Authors: Tim Donovan, Dale Johns
Event: 2019 TheMHS Conference
Subject: Re-claiming lives from sexual violence.
Type of resource: Conference Presentations and Papers
Dale Johns is a 57 year old, married father of three grown up children, and just recently became a grandfather. He has worked in pastoral care for the past 19 years, and has also worked in social work and community advocacy for 5 years.
Tim Donovan is a father of 3 children, a husband and a mental health social worker, who enjoys the outdoors and spending time with family. Currently he works at a secondary college as a counsellor in the Northern Territory. Tim met Dale while working in the area of sexual assault.
Purpose: This presentation will demonstrate the application of the theory and practices of narrative therapy to counselling men who have been subject to childhood sexual violence. It presents an illustrative case of the author's work with a man who was sexually abused as a child by a clergy member at his church and school. A narrative approach supported the man to gain new understandings of his experiences of sexual violence, and also of the values and skills he had maintained and developed through these experiences. He was able to move from feeling that the abuse defined him to seeing himself as a person of integrity who was able to use his experiences to contribute to the lives of others.
At the end of the presentation there will be an Outsider Witness response, which will be interactive. This will involve an interview with Dale, where the audience will be invited into reflect on how they were moved by what they heard and what they will take away from hearing Dale's story. There will be a structured response format provided to all audience members prior to the interview.
Abstract: Challenging myths about childhood sexual abuse and helping survivors to identify their hard-won knowledge and values, enables survivors to contribute to others who have experienced abuse. By confronting dominating masculinities about childhood sexual violence, we can create openings for survivors to resist the silencing effects of shame, gain distance from a problem-saturated life story, and identify values and commitments that can provide the basis for a meaningful life that is no longer defined by the experience of abuse.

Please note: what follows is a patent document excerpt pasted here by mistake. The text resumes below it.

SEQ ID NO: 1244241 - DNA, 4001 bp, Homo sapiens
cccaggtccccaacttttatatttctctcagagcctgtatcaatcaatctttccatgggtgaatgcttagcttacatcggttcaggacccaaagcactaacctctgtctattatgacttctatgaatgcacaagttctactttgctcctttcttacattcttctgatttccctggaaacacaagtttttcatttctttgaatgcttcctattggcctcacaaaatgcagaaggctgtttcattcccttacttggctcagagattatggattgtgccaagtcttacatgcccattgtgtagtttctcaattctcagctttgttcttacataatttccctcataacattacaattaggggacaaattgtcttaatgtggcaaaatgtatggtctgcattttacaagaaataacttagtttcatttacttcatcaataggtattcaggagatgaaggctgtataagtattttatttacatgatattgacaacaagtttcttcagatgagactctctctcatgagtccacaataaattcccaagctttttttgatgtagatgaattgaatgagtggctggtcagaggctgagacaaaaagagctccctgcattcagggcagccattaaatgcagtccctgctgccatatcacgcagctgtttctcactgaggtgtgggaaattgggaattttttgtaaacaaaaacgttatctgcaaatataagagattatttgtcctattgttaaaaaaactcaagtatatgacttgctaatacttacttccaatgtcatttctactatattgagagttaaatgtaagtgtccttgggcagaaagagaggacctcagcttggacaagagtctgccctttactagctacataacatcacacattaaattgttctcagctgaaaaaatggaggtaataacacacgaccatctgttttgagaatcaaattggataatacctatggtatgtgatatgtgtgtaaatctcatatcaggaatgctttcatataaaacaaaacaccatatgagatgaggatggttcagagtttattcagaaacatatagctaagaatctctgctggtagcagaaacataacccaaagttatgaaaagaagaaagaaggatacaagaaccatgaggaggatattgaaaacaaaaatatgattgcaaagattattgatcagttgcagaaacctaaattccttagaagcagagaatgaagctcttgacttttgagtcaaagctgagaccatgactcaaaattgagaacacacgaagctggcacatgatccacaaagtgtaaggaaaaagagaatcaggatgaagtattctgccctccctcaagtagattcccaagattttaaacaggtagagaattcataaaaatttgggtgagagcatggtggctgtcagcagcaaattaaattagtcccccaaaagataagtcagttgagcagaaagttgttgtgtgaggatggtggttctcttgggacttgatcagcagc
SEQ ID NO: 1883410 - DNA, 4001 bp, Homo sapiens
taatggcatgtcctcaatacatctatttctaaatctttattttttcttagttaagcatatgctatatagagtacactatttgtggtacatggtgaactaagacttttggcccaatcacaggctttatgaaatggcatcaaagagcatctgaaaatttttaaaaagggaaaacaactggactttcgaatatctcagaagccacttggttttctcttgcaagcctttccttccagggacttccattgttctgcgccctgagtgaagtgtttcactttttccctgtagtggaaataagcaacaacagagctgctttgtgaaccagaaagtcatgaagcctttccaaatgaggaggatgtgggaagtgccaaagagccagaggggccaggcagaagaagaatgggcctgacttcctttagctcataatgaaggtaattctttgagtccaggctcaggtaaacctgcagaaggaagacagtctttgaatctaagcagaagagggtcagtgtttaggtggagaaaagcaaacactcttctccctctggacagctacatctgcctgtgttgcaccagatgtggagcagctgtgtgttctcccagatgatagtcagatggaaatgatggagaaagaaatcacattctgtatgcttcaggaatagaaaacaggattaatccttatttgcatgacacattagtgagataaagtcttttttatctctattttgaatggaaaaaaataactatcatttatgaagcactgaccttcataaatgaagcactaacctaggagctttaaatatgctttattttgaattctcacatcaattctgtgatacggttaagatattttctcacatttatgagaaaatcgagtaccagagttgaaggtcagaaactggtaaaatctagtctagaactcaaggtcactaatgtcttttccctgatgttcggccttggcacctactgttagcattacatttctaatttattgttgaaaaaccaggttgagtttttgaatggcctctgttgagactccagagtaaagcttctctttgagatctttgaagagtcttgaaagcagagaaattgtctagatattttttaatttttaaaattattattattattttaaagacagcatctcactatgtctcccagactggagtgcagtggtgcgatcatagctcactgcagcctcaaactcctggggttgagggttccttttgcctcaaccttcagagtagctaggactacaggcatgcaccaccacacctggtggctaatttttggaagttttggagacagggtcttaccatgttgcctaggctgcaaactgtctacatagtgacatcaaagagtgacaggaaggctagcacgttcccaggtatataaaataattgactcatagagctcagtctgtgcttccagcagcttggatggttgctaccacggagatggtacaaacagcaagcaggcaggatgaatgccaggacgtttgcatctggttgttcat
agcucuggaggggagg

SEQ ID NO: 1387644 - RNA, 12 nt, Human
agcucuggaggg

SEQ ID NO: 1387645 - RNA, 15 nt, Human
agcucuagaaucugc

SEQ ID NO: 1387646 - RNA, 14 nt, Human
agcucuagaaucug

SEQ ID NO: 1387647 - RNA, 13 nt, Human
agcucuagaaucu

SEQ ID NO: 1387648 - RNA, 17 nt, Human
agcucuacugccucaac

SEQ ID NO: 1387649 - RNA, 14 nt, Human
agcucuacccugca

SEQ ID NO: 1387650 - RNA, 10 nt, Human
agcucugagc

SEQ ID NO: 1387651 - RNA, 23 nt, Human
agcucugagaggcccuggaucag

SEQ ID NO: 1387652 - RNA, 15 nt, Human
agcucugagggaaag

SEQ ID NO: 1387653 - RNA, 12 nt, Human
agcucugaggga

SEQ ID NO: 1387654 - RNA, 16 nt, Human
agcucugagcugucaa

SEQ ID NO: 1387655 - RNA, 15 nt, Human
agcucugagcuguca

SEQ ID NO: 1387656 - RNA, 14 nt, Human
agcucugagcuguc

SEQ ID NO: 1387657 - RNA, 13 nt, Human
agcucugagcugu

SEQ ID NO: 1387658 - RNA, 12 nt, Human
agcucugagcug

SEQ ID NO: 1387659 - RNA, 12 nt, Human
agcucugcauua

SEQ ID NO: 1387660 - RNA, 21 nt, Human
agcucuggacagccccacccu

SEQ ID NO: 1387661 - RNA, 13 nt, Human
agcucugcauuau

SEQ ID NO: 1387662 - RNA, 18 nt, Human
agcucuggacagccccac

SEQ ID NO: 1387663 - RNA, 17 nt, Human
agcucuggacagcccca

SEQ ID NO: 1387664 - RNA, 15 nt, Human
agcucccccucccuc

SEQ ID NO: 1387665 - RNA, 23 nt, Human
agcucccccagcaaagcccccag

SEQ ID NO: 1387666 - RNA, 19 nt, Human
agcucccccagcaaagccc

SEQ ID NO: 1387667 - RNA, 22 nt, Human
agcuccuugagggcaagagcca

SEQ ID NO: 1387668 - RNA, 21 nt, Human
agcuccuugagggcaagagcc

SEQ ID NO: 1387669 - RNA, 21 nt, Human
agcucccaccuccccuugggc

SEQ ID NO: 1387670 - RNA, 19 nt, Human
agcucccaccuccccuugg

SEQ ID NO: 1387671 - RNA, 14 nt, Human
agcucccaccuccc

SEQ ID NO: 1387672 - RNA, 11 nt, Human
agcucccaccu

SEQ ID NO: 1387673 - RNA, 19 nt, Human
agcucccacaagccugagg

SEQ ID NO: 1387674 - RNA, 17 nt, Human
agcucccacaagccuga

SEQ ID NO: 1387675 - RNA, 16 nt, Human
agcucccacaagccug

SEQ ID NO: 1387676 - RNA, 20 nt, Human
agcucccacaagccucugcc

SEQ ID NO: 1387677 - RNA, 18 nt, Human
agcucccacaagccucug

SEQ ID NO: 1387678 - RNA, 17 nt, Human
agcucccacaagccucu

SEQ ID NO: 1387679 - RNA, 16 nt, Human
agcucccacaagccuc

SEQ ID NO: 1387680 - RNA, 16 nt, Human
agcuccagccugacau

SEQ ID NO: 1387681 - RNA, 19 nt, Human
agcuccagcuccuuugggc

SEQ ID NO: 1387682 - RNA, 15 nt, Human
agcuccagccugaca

There are many effects of dominant masculinities on men’s experiences of childhood sexual violence, for example:
- men and boys should be able to defend themselves;
- people can say no and fight back to stop sexual abuse from happening; which isn’t just isolated to men’s experiences but also women.
- men cannot and should not share their feelings openly.
Social acceptance of these dominant masculinities silences people who have experienced sexual violence and obscures the reality of abuse.
At the end of the presentation you will be able to participate in a Definitional Ceremony, outsider witness exercise with Dale (who I previously counselled), who will be at the centre of the conversation.
By confronting dominant masculinities about childhood sexual violence, we can create openings for survivors to resist the silencing effects of shame and to gain distance from a problem-saturated life story. Identifying values and commitments that can provide a basis for a meaningful life that is not defined by the experience of abuse.
Learning Objective 1: Using narrative therapy in this way may be suitable if you are seeking a respectful and non-pathologising way of working with the effects of shame that have stemmed from a person’s experiences of oppression.
Learning Objective 2: The experience of inputting into the lives of others using narrative therapy practices can be the catalyst to reduce the effects (or transform the nature) of the suffering in the person’s life. This can bring a sense of their suffering has not been for nothing, which has the potential to ignite a sense of possibility that can swell over to other aspects of their life.
Denborough, D (2008) Collective Narrative Practice. Responding to individuals, groups, and communities who have experienced trauma. Dulwich Centre Publications. Adelaide, South Australia.
Jenkins, A. (2007). Discovering Integrity: working with shame without shaming young people who have sexually abused. In R. E. Longo & D. S. Prescott (Eds.), Current perspectives: Working with sexually aggressive youth and youth with sexual behaviour problems (pp. 419–441). Fitchburg, MA: NEARI.
White, M. (2007). Maps of narrative practice. New York, NY: Norton.
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